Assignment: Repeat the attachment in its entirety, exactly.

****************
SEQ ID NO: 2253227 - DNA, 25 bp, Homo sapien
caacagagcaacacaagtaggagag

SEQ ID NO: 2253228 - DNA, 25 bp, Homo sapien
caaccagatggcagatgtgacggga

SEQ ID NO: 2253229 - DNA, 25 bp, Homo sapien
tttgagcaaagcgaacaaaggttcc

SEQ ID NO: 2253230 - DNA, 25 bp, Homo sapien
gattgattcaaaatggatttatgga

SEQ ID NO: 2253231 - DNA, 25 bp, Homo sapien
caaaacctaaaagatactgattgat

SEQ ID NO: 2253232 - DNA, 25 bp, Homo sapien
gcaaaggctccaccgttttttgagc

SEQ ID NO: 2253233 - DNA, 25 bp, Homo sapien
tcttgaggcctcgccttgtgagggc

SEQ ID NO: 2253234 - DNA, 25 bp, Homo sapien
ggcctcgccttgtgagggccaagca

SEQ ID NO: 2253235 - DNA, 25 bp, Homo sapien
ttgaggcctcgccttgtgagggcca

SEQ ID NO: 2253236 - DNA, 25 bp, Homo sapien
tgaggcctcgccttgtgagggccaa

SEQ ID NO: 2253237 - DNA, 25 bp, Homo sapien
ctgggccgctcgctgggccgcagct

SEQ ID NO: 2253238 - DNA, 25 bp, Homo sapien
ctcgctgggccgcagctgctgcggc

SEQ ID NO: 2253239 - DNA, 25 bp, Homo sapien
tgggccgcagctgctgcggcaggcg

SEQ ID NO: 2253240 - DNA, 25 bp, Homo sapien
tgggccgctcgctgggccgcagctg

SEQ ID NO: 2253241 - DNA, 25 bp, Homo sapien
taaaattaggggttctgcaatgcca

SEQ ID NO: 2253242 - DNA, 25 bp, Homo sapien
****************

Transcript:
SEQ ID NO: 2253227 - DNA, 25 bp, Homo sapien
caacagagcaacacaagtaggagag

SEQ ID NO: 2253228 - DNA, 25 bp, Homo sapien
caaccagatggcagatgtgacggga

SEQ ID NO: 2253229 - DNA, 25 bp, Homo sapien
tttgagcaaagcgaacaaaggttcc

SEQ ID NO: 2253230 - DNA, 25 bp, Homo sapien
gattgattcaaaatggatttatgga

SEQ ID NO: 2253231 - DNA, 25 bp, Homo sapien
caaaacctaaaagatactgattgat

SEQ ID NO: 2253232 - DNA, 25 bp, Homo sapien
gcaaaggctccaccgttttttgagc

SEQ ID NO: 2253233 - DNA, 25 bp, Homo sapien
tcttgaggcctcgccttgtgagggc

SEQ ID NO: 2253234 - DNA, 25 bp, Homo sapien
ggcctcgccttgtgagggccaagca

SEQ ID NO: 2253235 - DNA, 25 bp, Homo sapien
ttgaggcctcgccttgtgagggcca

SEQ ID NO: 2253236 - DNA, 25 bp, Homo sapien
tgaggcctcgccttgtgagggccaa

SEQ ID NO: 2253237 - DNA, 25 bp, Homo sapien
ctgggccgctcgctgggccgcagct

SEQ ID NO: 2253238 - DNA, 25 bp, Homo sapien
ctcgctgggccgcagctgctgcggc

SEQ ID NO: 2253239 - DNA, 25 bp, Homo sapien
tgggccgcagctgctgcggcaggcg

SEQ ID NO: 2253240 - DNA, 25 bp, Homo sapien
tgggccgctcgctgggccgcagctg

SEQ ID NO: 2253241 - DNA, 25 bp, Homo sapien
taaaattaggggttctgcaatgcca

SEQ ID NO: 2253242 - DNA, 25 bp, Homo sapien